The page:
History of SSA During the Johnson Administration 1963-1968

In carrying out its responsibilities the Social Security Administration has worked with numerous Federal agencies and departments. Those with whom the Social Security Administration has treated in implementing the Medicare aspect have already been noted earlier in this narrative.

Relations with only the more important of the other agencies and departments follow.


As the social security program increased in size and complexity it has become increasingly more important for the Social Security Administration to maintain a close liaison with the Treasury Department in planning and developing operational techniques and related procedures. The Social Security Administration EDP systems are integrated to the extent that the Treasury Department utilizes computer equipment which is compatible to the Social Security Administration's for the preparation and issuance of approximately 2 million benefit checks per month based on EDP transaction data supplied by the Social Security Administration each month. The Treasury Department and SSA also work very closely in developing procedures for the handling of returned checks and the non-receipt of
check process.

The most significant accomplishments involving coordination between the Social Security Administration and the Treasury Department during the Johnson Administration took place following the 1965 and 1967 amendments to the Social Security Act.

The Superendorsement Procedure

The 1965 amendments to the Social Security Act permitted the use of the "Superendorsement Procedure" whereby a surviving spouse may be authorized by designated officials of the Social Security Administration and the Treasury Department to cash a combined check which would ordinarily be unnegotiable because of the death of one of the payee beneficiaries to whom the check was drawn. Through the joint efforts of the Social Security Administration and Treasury, hardship and difficulties resulting from delay in issuing subsequent benefits to the surviving spouse of a combined husband-wife payment have been significantly reduced through use of this procedure.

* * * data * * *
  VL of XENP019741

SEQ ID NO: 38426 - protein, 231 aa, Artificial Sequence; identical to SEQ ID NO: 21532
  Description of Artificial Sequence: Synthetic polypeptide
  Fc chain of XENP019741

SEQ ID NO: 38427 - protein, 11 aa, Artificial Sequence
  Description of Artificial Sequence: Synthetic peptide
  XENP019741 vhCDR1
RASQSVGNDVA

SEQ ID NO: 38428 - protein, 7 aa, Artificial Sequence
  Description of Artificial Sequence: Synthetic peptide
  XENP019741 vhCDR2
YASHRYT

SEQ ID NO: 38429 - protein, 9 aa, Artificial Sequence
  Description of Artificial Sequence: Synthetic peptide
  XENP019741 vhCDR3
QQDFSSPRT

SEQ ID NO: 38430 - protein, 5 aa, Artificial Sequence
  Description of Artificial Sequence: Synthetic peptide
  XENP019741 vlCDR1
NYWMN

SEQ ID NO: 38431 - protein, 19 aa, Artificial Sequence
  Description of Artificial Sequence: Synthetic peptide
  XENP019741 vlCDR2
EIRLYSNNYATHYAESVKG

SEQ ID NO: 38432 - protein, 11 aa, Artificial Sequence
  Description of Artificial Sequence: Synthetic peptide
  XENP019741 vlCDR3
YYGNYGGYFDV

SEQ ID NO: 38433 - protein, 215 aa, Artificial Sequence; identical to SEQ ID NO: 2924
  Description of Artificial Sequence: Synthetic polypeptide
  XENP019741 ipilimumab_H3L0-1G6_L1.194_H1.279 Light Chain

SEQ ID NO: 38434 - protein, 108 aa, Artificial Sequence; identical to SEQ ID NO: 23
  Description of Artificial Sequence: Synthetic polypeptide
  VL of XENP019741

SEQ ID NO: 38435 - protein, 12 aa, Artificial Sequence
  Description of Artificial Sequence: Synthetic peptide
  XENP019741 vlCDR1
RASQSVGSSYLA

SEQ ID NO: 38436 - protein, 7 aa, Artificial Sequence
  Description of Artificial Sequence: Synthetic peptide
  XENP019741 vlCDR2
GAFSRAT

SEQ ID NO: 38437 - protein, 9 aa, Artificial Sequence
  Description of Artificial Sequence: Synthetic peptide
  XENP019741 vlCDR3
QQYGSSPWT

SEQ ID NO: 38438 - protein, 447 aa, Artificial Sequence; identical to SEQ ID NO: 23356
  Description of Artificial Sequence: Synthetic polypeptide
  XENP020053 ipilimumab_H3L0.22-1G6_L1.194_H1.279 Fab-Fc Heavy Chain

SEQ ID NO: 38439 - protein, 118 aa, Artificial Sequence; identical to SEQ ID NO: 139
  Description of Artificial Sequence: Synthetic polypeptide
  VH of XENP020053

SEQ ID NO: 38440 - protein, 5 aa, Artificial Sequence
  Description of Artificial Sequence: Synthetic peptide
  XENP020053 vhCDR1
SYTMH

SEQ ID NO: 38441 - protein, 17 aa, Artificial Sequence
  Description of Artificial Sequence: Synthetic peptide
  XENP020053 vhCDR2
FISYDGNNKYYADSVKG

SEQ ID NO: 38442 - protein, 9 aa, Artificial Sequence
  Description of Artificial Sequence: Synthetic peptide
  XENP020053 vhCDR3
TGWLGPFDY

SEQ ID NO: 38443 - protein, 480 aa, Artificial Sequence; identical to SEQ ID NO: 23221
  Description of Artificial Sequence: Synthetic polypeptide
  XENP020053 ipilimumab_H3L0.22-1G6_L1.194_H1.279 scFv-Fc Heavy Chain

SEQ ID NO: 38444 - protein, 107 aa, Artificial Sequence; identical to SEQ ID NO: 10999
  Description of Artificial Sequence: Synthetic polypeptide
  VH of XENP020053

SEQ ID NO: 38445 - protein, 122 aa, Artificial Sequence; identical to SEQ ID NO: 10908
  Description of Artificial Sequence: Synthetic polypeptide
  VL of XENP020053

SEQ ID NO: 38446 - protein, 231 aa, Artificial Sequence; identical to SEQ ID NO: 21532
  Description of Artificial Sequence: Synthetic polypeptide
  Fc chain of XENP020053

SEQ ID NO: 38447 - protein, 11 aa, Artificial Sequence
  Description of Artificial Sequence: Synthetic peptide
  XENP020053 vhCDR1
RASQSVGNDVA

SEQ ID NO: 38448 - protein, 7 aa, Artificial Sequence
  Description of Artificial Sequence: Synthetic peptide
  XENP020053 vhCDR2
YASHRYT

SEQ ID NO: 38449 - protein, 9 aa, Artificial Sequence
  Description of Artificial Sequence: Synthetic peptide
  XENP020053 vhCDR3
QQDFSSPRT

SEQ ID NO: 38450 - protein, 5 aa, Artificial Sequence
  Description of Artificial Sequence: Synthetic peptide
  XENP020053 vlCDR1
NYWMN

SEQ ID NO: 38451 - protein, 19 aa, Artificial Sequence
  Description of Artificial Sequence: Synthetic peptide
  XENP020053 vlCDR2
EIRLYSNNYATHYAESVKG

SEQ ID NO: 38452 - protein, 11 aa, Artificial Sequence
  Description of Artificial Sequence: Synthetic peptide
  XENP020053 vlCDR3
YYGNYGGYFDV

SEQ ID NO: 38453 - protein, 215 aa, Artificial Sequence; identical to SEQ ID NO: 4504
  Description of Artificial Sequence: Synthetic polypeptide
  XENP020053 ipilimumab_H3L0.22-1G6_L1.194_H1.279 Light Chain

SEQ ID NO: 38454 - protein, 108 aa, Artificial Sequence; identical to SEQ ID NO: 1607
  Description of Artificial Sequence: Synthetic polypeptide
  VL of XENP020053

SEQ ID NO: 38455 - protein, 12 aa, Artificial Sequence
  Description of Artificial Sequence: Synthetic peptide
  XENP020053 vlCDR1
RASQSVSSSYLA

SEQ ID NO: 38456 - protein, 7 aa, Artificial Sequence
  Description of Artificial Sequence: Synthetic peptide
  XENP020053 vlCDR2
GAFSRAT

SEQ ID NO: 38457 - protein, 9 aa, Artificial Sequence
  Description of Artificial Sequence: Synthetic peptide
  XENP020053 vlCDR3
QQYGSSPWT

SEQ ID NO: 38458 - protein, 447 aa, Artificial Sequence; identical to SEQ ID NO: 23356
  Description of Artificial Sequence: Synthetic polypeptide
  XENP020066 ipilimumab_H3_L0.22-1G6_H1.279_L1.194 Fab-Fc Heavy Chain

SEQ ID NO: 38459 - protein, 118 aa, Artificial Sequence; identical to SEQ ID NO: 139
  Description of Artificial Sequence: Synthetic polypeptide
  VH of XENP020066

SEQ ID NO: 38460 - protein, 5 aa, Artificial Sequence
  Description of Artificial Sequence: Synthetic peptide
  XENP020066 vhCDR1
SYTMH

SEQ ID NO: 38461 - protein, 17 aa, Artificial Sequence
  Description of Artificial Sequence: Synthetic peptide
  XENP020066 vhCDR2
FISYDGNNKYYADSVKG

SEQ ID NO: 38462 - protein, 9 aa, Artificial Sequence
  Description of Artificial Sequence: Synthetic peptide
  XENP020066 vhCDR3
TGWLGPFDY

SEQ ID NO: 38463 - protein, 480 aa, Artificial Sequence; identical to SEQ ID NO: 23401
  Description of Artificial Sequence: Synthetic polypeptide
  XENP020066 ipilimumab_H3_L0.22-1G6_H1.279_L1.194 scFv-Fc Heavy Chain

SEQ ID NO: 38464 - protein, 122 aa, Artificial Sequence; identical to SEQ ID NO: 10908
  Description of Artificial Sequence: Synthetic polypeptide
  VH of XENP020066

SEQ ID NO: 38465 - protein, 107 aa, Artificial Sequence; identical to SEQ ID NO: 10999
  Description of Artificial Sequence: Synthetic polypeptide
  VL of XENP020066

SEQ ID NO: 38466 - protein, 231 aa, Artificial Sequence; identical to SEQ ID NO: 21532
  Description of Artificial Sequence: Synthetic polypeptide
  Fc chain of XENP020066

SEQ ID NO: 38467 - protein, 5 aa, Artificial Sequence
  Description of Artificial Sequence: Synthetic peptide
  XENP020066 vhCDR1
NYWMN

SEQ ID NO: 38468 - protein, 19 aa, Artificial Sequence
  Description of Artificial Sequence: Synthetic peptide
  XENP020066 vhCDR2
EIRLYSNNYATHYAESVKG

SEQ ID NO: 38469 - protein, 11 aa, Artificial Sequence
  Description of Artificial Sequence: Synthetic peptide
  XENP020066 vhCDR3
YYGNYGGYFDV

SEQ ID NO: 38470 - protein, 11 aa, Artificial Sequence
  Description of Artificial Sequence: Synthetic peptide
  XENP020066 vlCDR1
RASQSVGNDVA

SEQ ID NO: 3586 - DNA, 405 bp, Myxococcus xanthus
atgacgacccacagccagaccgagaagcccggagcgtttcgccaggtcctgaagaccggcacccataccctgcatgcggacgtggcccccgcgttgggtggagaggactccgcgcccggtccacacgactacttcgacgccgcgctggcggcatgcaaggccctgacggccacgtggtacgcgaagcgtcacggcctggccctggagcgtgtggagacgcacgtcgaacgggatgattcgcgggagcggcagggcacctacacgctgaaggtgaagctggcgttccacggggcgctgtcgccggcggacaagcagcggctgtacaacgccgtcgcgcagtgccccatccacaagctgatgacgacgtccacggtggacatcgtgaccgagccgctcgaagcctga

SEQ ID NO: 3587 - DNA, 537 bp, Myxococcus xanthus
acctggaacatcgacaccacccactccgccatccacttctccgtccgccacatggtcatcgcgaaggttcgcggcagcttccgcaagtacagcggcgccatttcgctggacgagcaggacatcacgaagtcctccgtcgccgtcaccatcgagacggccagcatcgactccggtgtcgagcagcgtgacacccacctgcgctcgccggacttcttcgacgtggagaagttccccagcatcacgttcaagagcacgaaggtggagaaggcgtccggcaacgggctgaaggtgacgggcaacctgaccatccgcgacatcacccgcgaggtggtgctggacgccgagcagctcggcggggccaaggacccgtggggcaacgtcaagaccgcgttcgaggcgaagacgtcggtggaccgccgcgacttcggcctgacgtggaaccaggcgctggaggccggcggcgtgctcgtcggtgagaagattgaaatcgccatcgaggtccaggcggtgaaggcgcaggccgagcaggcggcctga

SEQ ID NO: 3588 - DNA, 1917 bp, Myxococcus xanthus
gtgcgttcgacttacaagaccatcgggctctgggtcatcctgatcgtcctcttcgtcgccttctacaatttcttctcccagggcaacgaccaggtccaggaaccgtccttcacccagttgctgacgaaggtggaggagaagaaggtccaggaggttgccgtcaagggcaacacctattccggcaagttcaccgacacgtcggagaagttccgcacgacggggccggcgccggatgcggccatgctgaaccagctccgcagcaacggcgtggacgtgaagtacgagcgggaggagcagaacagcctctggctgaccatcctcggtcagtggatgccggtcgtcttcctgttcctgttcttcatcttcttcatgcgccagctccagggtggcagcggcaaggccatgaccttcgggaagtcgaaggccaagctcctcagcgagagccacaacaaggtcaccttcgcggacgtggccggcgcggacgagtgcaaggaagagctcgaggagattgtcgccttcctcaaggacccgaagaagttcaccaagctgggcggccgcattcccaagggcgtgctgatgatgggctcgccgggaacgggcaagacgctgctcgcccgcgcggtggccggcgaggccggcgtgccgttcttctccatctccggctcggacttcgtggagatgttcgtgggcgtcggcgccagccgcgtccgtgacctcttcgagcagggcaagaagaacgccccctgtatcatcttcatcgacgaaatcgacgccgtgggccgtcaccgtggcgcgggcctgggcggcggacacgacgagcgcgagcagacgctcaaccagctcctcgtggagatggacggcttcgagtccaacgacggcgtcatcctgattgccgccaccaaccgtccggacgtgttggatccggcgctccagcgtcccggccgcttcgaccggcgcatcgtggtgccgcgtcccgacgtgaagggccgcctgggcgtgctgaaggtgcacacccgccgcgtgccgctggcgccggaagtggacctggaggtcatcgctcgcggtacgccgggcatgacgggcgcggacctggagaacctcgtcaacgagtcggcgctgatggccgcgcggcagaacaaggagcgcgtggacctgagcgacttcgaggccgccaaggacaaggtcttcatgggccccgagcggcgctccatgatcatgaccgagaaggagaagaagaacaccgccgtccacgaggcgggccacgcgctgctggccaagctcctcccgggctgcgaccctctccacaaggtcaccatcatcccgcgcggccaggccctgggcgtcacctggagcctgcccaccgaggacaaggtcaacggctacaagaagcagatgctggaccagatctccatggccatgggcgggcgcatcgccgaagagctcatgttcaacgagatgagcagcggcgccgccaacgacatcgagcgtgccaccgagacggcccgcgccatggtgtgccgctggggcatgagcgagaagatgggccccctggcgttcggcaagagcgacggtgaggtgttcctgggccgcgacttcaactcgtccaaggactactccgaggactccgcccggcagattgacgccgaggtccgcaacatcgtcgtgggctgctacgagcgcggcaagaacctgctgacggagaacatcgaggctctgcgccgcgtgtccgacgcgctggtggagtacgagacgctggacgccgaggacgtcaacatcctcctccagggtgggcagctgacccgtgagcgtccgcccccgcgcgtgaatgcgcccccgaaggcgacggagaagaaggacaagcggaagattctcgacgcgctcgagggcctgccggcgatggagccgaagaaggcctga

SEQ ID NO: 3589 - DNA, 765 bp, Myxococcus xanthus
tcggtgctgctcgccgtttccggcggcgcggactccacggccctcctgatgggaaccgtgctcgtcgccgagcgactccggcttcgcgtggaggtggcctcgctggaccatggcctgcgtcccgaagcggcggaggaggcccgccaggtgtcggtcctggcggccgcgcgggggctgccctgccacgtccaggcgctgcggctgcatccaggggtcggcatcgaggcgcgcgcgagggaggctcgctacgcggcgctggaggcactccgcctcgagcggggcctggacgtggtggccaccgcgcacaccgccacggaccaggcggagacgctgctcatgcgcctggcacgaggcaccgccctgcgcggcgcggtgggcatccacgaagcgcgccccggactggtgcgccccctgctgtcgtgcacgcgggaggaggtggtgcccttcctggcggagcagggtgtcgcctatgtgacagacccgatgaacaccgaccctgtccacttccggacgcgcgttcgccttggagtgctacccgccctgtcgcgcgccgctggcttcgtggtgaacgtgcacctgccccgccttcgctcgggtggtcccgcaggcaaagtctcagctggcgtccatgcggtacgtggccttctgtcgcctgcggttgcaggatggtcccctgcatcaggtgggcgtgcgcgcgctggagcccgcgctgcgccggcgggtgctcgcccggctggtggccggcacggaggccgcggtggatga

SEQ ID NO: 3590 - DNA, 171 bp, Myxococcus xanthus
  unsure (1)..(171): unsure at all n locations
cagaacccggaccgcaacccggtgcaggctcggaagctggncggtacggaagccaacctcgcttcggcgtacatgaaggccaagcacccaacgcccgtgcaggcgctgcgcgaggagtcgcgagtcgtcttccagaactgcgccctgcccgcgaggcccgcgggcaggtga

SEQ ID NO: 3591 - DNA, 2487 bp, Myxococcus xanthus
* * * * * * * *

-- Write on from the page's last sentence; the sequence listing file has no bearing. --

ZIP Code Mailing of Social Security Benefit Checks

In October 1964, the Executive Office of the President requested that ZIP codes be used in the addressing of all mail by the Departments and Agencies of the Federal Government. The Social Security Administration responded by coordinating with the Treasury Department and the Post Office Department to convert the Social Security Administration's master benefit record file and Treasury's check writing files to a ZIP code format. This was a monumental task requiring strict coordination of EDP systems and clerical procedure modification in each component. With the mailing of the February 3, 1967 benefit checks, the Social Security Administration became the first large federal agency to implement mass ZIP code mailing. The most significant savings were, of course, realized by the Post Office Department because of a substantial decrease in handling time.

Expediting Payments--1967 Amendments to the Social Security Act

Effective July 1, 1968, in accordance with Section 205(q) of the Social Security Act, individuals have the right to request expedited action on initial claims requests for reinstatement or a report of nonreceipt of a check after a specified time. This provision was enacted to ensure that no beneficiary is faced with a long period of nonpayment where the applicant has done all that is expected of him. Development of this procedure required a close coordination with Treasury in the area of nonreceipt of check delays. Special procedures and forms were developed and mutually agreed upon, which will provide information pertinent to both the Social Security Administration's and Treasury's role in the Expedited Payment Provisions of the Social Security Act.

Social Security Benefits Increases–1965 and 1967

As noted earlier, social security legislation had also provided two benefit increases covering all beneficiaries on the rolls. An undertaking of this magnitude required working very closely with Treasury to produce new check writing files and ensure everyone a timely check in the increased amount. Arrangements also had to be made to include informational media in the form of check stuffers along with the increased checks.

The Treasury Department played a very important role in the 1965 benefit conversion with the preparation and delivery of separate, retroactive increase checks. Additionally, the Treasury Department, through use of high speed EDP print equipment in their regional disbursing centers, assisted the Social Security Administration in printing millions of folder documentation forms to reflect the legislated increase in the individual Social Security Administration claims folder.

Letters of Credit